Patients were then placed into quartile groups based on the volume of fluids received per kilogram per hour prior to NE administration. Quartile 1 consisted of patients receiving <0.815 mL/kg/hour, quartile 2 consisted of patients receiving between 0.815 mL/kg/hour and 2.334 mL/kg/hour, quartile 3 consisted of patients receiving between 2.334 mL/kg/hour and 5.075 mL/kg/hour and quartile 4 consisted of patients receiving >5.075 mL/kg/hour of fluids. For each group, multivariate logistic regression or linear regression was used to assess the effect of early versus late vasopressor use on primary outcomes. Figure 5 shows that there was no statistically significant difference in mortality in any of these fluid quartiles, however in quartiles 1, 2 and 4 the ORs were 0.864, 0.689 and 0.854, respectively while in quartile 3 the odds of mortality was 1.201. Patients in quartiles 1 and 2 of fluids had significantly higher odds of IMV (2.687 (95% CI 1.402 to 5.149) and 2.852 (95% CI 1.412 to 5.759)) while in quartiles 3 and 4 there were increased odds of IMV which was not statistically significant (1.337 and 1.447). Patients in quartile 1 in the early NE group had significantly lower hospital length of stays (difference in days −4.9 (95% CI −7.80 to –0.99)) while in all other quadrants, there were no statistically significant differences in hospital length of stay, although ICU and hospital length of stays were higher. Patients in quartile 2 in the early NE group had significantly lower ICU length of stays (difference in days −1.70 (95% CI −2.82 to –0.58)) while in other groups there were lower ICU length of stays which did not reach statistical significance (figure 5). Additional outcomes as well as characteristics of patients in each quartile may be found in online supplemental tables 2–9.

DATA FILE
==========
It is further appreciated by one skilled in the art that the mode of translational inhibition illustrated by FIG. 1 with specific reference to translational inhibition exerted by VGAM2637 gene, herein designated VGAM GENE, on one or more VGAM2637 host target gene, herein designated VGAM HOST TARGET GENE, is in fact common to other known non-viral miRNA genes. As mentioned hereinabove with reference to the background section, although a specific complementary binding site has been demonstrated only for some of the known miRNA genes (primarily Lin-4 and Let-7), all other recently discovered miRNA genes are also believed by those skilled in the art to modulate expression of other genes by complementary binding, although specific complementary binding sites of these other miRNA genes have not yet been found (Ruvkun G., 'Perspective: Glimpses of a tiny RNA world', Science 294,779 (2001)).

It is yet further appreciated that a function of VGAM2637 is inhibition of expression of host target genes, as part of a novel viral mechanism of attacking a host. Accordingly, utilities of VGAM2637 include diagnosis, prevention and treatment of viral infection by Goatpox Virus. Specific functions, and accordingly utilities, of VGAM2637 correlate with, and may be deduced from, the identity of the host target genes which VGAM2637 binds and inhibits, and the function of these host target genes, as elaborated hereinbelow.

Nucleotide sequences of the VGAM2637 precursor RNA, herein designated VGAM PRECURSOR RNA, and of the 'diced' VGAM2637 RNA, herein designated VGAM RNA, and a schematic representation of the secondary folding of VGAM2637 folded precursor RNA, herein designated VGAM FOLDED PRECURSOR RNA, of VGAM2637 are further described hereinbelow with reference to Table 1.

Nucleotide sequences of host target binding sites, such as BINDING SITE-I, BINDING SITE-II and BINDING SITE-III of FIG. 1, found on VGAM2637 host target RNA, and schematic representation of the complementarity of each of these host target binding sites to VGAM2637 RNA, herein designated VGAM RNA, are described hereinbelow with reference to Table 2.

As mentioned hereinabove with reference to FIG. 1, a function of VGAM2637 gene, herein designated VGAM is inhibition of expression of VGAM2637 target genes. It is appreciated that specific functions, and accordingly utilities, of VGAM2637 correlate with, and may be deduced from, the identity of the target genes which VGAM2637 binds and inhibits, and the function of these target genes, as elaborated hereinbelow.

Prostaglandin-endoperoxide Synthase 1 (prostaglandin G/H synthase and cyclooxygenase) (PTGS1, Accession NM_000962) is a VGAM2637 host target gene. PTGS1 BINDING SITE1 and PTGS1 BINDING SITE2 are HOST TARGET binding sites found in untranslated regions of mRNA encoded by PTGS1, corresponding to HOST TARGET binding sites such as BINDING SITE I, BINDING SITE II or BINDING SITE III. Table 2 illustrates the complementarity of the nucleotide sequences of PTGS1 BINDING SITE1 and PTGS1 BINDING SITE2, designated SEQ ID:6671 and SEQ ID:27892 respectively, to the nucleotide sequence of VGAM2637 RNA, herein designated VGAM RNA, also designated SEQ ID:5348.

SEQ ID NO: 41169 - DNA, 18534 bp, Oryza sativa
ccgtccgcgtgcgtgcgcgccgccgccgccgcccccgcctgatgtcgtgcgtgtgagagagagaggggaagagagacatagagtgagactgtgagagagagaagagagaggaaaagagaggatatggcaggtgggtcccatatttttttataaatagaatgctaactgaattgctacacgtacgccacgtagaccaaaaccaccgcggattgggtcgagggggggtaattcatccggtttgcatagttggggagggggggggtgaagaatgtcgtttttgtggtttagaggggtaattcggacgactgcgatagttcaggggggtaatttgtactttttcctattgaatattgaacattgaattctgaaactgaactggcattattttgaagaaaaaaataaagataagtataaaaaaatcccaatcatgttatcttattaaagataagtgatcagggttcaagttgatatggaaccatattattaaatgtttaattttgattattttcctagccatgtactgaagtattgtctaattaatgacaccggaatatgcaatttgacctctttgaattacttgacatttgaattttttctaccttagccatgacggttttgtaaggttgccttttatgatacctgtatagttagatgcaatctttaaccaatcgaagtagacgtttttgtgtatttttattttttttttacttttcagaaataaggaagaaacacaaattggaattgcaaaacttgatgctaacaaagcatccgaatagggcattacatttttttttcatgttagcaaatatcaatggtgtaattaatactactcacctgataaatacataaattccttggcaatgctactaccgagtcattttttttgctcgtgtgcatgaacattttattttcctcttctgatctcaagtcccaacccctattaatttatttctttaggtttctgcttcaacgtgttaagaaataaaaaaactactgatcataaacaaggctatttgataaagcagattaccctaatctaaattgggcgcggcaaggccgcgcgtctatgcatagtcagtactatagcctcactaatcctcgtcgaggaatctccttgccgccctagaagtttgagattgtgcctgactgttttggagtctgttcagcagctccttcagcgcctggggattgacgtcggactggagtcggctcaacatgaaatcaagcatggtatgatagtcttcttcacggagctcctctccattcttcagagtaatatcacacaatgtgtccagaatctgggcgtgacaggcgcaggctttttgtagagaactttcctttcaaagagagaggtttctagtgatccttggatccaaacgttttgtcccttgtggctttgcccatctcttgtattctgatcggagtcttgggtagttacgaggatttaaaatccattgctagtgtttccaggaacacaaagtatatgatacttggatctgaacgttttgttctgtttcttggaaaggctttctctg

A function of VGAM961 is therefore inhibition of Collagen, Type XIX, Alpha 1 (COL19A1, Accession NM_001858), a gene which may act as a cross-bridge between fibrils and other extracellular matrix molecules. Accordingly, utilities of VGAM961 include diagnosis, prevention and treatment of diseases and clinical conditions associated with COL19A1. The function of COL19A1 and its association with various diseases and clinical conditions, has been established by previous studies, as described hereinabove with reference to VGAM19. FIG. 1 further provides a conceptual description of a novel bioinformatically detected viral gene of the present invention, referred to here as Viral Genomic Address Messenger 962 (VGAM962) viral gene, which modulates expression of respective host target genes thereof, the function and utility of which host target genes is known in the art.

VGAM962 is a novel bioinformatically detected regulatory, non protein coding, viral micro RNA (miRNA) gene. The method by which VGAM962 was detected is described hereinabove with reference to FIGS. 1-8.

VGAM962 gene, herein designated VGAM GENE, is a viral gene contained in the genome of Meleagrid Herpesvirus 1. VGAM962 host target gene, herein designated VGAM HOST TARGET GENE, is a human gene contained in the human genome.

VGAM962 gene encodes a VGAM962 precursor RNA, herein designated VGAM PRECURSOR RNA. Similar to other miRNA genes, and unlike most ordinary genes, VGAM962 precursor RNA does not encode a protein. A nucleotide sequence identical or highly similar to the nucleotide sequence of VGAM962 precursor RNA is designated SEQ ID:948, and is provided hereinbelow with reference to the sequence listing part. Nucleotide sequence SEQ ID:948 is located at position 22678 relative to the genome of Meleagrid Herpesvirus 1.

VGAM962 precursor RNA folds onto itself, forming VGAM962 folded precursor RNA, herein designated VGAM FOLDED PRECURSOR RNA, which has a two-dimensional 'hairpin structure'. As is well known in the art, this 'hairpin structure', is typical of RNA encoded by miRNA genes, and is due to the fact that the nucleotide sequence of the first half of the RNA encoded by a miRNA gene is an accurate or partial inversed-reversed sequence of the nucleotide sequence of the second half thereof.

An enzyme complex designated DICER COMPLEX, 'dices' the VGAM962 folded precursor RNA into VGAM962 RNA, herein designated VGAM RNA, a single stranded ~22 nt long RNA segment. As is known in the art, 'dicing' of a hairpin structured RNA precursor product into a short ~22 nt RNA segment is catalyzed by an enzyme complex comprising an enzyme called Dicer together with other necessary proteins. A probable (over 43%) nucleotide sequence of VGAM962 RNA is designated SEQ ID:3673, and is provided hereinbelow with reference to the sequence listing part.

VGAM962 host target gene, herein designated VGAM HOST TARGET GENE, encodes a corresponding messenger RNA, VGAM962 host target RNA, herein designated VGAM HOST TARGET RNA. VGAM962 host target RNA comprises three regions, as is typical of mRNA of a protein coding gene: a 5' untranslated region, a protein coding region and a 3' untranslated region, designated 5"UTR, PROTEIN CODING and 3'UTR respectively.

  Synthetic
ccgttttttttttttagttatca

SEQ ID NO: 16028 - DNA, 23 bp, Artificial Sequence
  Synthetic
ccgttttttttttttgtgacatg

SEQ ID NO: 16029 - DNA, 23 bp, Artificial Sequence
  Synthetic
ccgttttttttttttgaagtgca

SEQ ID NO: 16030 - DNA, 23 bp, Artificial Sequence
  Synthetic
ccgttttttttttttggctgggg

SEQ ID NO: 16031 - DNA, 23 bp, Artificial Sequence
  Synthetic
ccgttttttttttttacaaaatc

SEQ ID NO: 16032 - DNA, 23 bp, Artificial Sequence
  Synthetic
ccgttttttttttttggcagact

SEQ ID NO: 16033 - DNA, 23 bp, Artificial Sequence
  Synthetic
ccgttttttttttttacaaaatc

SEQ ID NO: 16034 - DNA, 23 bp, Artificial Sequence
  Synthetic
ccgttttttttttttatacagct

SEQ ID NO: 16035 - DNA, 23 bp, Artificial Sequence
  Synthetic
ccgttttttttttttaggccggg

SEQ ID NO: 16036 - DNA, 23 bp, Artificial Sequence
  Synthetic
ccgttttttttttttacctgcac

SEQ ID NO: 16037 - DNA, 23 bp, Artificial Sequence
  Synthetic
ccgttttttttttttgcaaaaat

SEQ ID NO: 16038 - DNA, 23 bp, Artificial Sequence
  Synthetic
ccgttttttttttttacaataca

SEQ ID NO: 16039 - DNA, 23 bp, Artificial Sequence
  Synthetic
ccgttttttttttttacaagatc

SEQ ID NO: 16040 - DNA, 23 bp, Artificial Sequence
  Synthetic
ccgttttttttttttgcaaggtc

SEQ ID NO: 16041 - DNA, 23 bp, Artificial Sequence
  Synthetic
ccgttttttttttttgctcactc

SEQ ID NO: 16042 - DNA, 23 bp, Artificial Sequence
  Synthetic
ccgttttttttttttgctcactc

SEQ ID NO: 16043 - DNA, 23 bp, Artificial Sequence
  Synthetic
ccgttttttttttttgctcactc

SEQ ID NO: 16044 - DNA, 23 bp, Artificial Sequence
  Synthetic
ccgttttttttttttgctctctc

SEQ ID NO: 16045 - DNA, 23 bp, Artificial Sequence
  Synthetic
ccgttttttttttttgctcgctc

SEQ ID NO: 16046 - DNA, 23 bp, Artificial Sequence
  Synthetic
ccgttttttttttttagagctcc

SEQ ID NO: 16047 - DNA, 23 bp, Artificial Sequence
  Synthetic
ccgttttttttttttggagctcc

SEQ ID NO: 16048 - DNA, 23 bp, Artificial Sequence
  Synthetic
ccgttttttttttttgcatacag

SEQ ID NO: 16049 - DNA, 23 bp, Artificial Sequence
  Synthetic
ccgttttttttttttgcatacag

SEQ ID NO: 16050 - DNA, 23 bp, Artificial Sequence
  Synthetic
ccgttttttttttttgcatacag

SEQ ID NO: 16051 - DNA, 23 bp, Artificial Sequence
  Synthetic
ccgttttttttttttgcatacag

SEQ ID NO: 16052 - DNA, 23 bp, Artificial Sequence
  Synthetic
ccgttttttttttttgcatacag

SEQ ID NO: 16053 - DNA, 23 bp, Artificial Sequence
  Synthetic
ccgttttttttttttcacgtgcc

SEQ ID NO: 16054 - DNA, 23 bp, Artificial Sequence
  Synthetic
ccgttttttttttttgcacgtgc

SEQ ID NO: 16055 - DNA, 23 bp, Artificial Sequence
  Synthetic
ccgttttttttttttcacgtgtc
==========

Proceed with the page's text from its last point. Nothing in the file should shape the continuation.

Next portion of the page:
Figure 5

Outcomes in late versus early NE groups by multivariate logistic or linear regression, stratified by total volume of fluids per kg per hour given before vasopressors, expressed as quartile groups. ICU, intensive care unit; NE, norepinephrine.